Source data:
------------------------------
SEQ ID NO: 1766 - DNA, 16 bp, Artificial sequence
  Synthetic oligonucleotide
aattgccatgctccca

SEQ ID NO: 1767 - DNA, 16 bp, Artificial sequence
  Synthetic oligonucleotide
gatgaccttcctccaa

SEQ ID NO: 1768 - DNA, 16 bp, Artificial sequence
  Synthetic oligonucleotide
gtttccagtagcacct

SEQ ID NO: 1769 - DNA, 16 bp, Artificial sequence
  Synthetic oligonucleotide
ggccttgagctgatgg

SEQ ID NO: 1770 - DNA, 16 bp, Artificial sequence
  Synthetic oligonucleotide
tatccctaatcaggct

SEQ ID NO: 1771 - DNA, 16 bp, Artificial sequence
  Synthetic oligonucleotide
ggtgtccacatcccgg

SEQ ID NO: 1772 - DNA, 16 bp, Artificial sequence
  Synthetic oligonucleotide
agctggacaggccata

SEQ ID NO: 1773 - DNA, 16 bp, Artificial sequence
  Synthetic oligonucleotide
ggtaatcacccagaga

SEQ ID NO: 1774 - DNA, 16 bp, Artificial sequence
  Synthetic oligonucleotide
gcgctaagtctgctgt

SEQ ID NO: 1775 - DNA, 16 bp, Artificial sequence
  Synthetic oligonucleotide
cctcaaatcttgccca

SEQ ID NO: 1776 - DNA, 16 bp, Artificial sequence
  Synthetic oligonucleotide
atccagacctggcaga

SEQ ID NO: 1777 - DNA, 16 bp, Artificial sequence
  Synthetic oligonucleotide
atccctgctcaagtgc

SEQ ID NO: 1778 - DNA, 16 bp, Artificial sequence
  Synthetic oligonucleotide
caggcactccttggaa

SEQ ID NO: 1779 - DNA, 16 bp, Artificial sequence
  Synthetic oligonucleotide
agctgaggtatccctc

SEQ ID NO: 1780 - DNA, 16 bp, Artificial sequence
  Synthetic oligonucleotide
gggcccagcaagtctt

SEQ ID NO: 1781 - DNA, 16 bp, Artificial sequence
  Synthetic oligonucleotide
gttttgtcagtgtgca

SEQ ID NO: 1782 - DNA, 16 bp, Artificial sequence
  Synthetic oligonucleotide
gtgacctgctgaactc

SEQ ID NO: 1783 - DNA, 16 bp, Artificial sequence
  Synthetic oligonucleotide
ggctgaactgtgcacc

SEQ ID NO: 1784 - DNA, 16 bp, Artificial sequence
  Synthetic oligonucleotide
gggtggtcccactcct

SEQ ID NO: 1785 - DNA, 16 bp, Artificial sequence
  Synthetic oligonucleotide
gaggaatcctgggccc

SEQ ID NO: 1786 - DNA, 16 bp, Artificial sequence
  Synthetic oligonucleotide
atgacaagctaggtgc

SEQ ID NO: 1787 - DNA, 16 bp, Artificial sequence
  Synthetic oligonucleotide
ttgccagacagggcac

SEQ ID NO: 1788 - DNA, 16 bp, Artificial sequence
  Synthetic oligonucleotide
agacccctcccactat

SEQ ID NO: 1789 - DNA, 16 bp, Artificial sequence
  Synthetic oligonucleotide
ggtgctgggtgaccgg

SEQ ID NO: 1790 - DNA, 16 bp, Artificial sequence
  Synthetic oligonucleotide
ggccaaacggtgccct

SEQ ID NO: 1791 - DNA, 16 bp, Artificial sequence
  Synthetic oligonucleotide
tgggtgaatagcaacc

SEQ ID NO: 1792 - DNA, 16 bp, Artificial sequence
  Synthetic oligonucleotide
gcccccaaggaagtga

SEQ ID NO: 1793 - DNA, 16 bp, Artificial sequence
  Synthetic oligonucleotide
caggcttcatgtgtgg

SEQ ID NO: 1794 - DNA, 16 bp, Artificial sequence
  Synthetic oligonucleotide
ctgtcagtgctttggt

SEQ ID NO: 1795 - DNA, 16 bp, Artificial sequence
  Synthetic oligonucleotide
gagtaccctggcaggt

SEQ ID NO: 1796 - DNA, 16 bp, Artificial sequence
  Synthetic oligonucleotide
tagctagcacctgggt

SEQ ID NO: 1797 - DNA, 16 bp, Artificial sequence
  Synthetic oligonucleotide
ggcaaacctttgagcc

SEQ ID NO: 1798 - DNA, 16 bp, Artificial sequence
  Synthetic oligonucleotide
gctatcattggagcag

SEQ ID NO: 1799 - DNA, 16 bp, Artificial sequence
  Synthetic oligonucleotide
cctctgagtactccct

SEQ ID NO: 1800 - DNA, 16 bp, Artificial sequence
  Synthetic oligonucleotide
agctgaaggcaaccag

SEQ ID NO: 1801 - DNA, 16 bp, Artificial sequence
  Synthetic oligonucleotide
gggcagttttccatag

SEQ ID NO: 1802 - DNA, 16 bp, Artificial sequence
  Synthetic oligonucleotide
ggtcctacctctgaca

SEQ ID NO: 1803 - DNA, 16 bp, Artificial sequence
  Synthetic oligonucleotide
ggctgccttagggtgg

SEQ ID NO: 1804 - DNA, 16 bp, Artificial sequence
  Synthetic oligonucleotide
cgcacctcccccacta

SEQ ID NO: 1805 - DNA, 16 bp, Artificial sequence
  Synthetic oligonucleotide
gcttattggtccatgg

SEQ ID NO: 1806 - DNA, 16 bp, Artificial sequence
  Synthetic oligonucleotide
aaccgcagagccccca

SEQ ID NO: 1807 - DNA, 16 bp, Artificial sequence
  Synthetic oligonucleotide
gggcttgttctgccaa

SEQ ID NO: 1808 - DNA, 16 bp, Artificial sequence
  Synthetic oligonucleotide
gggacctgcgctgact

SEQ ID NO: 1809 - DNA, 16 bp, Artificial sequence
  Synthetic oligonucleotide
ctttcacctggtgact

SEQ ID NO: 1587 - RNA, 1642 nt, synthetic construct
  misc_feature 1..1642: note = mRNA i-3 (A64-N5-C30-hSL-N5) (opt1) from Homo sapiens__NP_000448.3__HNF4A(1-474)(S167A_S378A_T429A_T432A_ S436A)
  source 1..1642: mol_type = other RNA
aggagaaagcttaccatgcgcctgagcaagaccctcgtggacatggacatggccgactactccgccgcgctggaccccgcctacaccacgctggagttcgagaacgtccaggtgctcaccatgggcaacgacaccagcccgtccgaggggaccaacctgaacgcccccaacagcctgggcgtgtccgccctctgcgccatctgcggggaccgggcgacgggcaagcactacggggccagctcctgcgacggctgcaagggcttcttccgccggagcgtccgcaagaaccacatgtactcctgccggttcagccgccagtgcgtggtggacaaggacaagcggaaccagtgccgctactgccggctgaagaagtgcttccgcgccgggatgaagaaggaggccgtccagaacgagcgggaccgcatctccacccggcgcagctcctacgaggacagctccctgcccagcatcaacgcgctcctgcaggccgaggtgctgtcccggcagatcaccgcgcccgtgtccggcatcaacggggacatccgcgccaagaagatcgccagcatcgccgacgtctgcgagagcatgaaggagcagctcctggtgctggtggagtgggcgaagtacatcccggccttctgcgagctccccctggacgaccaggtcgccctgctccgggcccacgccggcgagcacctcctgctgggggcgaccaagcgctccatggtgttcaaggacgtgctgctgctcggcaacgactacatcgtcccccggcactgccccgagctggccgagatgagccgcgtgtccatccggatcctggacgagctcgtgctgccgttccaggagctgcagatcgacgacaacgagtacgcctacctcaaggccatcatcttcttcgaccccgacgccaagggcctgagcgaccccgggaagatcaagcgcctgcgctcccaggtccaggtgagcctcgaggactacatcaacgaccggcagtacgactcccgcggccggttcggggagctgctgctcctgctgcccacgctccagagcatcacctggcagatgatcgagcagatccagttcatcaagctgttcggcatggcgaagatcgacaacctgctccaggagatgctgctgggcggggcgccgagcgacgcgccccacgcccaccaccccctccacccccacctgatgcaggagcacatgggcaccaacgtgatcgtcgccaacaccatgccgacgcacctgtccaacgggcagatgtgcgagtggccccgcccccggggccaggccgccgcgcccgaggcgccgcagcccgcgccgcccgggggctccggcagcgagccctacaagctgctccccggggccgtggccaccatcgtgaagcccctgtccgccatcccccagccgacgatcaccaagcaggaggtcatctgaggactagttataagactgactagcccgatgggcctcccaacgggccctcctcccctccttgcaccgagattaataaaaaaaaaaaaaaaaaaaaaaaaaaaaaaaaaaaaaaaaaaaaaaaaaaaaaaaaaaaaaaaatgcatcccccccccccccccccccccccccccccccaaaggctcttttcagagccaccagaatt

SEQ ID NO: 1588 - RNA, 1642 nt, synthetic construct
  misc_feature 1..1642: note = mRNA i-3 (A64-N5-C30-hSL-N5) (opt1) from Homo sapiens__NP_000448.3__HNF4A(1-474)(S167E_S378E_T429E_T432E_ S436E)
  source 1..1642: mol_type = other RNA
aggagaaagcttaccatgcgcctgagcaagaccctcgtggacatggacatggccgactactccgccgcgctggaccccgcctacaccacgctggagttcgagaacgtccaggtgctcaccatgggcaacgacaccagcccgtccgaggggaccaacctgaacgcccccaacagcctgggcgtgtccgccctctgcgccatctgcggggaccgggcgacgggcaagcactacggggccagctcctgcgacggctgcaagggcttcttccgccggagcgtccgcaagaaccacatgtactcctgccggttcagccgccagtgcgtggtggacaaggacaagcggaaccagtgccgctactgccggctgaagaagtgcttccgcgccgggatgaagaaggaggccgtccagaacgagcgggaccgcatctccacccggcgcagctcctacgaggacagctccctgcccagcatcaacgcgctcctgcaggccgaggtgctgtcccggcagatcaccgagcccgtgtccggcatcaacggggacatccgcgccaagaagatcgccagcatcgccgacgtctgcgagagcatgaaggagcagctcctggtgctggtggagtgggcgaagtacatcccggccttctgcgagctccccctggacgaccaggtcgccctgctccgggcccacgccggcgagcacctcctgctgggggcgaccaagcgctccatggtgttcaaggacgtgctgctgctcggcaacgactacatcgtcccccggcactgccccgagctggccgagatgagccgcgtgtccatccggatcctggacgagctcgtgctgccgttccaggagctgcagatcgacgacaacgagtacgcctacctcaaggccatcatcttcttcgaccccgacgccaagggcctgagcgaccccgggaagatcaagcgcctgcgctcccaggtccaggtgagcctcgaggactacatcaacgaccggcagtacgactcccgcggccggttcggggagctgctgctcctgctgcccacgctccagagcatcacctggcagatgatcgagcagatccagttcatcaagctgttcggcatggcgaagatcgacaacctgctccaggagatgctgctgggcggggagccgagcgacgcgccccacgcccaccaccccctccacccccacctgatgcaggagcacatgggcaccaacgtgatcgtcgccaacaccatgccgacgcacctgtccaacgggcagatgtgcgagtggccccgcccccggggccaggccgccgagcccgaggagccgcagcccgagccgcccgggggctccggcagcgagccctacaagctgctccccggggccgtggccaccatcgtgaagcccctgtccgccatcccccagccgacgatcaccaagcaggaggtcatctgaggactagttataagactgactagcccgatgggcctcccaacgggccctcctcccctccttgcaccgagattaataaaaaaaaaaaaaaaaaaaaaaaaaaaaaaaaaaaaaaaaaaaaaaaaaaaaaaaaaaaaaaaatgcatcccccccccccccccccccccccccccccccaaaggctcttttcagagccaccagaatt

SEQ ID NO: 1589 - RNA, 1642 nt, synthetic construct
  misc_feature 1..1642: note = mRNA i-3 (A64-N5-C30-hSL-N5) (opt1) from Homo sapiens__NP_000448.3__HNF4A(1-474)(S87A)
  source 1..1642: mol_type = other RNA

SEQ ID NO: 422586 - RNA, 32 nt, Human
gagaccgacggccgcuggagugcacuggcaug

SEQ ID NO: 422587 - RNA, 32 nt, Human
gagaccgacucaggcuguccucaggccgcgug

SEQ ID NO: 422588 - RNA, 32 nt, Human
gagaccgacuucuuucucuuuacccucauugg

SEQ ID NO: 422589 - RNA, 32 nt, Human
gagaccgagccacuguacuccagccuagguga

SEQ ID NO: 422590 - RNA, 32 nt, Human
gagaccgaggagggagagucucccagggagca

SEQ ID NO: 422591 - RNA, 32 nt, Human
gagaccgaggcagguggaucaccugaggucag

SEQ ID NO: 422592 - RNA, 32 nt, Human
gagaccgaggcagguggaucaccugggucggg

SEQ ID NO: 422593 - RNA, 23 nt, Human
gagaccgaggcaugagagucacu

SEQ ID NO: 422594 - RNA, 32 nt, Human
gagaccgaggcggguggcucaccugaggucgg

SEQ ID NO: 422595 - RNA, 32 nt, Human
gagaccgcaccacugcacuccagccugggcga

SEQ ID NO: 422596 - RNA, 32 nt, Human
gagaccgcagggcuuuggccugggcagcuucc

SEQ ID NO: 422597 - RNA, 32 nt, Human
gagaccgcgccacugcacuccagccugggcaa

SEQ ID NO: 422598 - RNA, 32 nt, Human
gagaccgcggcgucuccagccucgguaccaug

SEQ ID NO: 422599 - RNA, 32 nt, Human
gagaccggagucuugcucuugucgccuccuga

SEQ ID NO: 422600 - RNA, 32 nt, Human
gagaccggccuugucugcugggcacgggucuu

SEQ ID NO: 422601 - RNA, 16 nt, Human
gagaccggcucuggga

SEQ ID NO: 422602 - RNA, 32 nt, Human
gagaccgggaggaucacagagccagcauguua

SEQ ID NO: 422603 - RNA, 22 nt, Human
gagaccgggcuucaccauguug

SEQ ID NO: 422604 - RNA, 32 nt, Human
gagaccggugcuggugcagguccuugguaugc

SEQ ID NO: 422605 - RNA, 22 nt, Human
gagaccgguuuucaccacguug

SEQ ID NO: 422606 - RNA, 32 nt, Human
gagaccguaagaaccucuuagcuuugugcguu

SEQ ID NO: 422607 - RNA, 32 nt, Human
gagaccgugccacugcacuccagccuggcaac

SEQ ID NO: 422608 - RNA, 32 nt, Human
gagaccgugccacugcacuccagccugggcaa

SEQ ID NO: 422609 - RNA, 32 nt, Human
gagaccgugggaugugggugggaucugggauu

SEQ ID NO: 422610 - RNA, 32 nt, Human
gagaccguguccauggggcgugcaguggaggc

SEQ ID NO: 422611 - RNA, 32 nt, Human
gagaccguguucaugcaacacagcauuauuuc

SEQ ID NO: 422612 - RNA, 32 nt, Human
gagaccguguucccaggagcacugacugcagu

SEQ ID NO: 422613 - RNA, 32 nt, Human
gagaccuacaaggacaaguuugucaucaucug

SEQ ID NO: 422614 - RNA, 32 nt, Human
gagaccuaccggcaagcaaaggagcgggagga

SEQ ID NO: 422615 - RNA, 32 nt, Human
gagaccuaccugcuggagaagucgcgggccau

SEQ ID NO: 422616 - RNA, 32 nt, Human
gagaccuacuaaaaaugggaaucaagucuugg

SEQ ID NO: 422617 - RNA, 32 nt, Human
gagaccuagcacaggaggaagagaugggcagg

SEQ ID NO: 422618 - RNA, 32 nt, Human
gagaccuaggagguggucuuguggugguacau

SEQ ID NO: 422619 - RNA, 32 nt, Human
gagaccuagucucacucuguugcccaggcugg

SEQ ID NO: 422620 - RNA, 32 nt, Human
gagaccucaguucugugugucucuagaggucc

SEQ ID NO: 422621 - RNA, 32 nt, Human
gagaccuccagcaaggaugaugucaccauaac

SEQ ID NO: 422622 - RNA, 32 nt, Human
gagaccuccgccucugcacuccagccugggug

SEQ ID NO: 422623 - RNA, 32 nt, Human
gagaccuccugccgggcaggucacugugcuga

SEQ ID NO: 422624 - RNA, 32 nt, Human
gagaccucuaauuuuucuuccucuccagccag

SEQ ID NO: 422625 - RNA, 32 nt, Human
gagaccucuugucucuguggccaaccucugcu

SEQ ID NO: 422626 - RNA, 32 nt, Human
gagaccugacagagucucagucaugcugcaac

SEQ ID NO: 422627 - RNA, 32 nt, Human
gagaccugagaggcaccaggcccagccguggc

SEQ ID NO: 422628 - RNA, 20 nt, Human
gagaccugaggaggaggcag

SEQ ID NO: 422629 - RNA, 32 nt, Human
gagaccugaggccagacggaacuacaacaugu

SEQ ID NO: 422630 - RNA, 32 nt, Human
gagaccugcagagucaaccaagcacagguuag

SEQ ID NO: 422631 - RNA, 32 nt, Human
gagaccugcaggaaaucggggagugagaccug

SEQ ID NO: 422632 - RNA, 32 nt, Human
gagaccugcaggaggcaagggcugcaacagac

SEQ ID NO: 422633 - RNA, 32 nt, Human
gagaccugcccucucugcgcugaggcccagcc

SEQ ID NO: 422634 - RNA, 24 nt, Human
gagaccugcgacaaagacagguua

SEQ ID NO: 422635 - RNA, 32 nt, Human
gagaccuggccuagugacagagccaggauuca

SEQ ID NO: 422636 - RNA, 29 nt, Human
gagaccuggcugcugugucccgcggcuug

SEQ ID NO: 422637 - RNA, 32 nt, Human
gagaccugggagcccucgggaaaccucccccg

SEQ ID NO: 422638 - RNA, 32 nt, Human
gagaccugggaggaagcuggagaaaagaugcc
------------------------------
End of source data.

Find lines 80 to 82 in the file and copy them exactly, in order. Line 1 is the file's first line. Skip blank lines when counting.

  Synthetic oligonucleotide
gcccccaaggaagtga

SEQ ID NO: 1793 - DNA, 16 bp, Artificial sequence